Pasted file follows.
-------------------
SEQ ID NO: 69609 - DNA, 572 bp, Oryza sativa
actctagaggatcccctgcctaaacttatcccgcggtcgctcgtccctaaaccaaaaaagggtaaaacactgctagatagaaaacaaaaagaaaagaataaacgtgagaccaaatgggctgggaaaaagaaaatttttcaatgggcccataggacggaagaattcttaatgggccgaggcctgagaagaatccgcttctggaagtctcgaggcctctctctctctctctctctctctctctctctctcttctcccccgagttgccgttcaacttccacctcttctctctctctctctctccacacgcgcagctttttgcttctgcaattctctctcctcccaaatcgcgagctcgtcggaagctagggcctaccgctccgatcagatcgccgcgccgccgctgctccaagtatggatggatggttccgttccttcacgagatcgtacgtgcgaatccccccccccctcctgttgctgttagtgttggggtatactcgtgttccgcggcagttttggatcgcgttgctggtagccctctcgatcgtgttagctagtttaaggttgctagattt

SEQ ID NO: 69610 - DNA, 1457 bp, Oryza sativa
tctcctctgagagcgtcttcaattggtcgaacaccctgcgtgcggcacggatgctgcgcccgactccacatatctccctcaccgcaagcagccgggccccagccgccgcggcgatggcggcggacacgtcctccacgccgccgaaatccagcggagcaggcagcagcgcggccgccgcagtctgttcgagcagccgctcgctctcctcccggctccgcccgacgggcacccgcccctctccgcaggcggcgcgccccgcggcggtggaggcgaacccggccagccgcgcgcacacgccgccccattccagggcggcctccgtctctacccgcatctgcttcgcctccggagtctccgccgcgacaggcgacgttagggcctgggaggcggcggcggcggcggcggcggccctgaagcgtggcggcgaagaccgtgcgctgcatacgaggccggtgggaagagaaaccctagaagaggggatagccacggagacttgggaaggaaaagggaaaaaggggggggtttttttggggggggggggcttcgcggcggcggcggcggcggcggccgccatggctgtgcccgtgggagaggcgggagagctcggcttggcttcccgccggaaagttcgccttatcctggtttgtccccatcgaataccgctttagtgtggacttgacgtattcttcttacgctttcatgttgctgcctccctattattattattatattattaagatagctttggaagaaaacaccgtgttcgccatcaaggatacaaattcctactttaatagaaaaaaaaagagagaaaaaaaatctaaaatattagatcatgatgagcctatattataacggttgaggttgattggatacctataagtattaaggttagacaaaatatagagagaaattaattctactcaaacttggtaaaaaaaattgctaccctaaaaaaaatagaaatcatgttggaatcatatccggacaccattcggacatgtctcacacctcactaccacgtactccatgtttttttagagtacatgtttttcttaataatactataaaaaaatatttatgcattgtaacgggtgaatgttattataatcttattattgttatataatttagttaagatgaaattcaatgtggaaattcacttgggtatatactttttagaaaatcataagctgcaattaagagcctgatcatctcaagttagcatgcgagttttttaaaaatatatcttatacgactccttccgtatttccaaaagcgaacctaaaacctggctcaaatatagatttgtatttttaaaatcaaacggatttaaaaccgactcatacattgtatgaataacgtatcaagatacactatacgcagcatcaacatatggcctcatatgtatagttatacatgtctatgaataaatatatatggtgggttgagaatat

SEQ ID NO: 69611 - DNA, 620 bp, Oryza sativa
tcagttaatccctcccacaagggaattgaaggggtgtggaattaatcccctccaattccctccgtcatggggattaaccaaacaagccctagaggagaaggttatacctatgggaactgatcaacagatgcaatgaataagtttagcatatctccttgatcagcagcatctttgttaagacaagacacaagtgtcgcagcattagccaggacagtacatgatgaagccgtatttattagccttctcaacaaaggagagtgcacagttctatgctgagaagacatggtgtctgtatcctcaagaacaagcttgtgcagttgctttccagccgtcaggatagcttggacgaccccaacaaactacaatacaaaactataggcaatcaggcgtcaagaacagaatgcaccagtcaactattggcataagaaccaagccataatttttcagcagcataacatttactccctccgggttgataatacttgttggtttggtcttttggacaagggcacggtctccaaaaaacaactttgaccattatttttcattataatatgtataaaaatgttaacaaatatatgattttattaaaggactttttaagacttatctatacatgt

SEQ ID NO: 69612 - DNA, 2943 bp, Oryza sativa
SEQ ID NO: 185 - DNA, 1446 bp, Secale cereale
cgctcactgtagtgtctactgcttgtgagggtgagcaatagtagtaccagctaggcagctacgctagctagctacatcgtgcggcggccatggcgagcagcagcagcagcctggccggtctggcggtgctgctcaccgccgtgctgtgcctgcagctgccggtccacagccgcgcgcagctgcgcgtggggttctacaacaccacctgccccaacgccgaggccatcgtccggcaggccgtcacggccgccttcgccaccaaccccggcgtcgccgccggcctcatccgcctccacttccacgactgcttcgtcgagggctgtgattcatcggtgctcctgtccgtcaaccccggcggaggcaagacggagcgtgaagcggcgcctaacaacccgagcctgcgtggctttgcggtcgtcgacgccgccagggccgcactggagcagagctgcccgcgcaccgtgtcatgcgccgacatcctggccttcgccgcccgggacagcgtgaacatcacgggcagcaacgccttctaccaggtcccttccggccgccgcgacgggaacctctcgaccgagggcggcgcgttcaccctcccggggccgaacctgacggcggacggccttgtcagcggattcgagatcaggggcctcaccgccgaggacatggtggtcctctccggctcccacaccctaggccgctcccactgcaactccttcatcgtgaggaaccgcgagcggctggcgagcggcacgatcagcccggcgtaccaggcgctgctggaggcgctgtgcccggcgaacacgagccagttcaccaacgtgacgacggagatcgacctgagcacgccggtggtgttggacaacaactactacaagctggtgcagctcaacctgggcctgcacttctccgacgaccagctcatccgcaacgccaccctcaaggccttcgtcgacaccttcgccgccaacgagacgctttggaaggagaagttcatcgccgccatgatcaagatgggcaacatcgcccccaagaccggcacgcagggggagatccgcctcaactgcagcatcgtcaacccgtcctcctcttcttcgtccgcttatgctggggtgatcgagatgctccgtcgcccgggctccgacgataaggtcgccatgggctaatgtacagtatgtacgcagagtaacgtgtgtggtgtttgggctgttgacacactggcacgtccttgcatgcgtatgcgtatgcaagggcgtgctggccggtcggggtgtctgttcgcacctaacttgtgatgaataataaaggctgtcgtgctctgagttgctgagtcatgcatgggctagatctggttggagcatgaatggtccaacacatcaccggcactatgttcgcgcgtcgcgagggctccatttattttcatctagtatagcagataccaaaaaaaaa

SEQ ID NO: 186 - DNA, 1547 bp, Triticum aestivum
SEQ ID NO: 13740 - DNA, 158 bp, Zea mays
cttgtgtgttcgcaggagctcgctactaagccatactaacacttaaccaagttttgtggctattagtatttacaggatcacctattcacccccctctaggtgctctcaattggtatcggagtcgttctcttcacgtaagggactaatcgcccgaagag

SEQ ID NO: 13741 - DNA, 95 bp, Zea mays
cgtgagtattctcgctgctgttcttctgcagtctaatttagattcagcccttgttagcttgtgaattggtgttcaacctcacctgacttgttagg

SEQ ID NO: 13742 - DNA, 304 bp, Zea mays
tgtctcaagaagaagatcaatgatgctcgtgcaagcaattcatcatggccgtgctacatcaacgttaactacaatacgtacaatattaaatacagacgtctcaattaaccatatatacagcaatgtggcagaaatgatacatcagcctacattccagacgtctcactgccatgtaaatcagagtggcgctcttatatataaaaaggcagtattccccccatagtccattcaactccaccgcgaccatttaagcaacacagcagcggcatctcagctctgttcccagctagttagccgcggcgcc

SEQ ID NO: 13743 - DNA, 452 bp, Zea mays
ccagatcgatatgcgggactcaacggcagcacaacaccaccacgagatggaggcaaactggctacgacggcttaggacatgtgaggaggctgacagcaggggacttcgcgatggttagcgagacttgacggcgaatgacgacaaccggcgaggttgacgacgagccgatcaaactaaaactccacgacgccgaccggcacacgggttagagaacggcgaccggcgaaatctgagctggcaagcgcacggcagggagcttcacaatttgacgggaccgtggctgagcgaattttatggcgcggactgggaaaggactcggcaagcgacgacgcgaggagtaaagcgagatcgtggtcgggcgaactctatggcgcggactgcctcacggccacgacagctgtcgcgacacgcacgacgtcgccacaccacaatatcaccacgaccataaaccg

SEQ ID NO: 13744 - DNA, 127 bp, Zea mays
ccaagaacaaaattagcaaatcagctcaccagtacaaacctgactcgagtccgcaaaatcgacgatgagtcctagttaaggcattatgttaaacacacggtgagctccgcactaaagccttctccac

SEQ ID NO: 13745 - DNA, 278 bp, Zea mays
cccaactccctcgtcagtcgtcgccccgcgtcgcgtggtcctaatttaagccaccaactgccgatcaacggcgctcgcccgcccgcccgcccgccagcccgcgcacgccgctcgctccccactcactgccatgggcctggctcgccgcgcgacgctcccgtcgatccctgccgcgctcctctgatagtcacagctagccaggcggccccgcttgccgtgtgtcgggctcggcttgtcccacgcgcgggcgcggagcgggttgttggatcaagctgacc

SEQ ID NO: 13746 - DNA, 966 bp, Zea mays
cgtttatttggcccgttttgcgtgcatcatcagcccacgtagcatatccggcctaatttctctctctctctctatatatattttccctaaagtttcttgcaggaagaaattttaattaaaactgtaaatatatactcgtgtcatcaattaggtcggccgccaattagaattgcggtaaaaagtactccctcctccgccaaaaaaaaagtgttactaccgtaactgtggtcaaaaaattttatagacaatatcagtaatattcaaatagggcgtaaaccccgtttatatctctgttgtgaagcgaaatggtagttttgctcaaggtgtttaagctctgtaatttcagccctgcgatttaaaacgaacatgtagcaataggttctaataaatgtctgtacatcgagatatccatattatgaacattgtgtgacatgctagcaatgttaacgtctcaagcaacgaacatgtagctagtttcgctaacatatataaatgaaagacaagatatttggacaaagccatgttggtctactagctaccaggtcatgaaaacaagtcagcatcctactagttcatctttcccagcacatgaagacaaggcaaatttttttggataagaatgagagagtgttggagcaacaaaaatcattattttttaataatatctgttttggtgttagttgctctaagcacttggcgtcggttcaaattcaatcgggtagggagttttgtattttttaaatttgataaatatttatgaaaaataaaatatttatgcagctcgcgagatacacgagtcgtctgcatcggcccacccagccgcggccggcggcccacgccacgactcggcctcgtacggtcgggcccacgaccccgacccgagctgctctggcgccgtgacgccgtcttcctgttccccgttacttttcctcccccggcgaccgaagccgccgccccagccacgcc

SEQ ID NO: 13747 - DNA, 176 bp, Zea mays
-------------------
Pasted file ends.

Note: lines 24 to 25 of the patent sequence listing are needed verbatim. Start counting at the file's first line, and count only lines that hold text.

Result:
cgtttatttggcccgttttgcgtgcatcatcagcccacgtagcatatccggcctaatttctctctctctctctatatatattttccctaaagtttcttgcaggaagaaattttaattaaaactgtaaatatatactcgtgtcatcaattaggtcggccgccaattagaattgcggtaaaaagtactccctcctccgccaaaaaaaaagtgttactaccgtaactgtggtcaaaaaattttatagacaatatcagtaatattcaaatagggcgtaaaccccgtttatatctctgttgtgaagcgaaatggtagttttgctcaaggtgtttaagctctgtaatttcagccctgcgatttaaaacgaacatgtagcaataggttctaataaatgtctgtacatcgagatatccatattatgaacattgtgtgacatgctagcaatgttaacgtctcaagcaacgaacatgtagctagtttcgctaacatatataaatgaaagacaagatatttggacaaagccatgttggtctactagctaccaggtcatgaaaacaagtcagcatcctactagttcatctttcccagcacatgaagacaaggcaaatttttttggataagaatgagagagtgttggagcaacaaaaatcattattttttaataatatctgttttggtgttagttgctctaagcacttggcgtcggttcaaattcaatcgggtagggagttttgtattttttaaatttgataaatatttatgaaaaataaaatatttatgcagctcgcgagatacacgagtcgtctgcatcggcccacccagccgcggccggcggcccacgccacgactcggcctcgtacggtcgggcccacgaccccgacccgagctgctctggcgccgtgacgccgtcttcctgttccccgttacttttcctcccccggcgaccgaagccgccgccccagccacgcc

SEQ ID NO: 13747 - DNA, 176 bp, Zea mays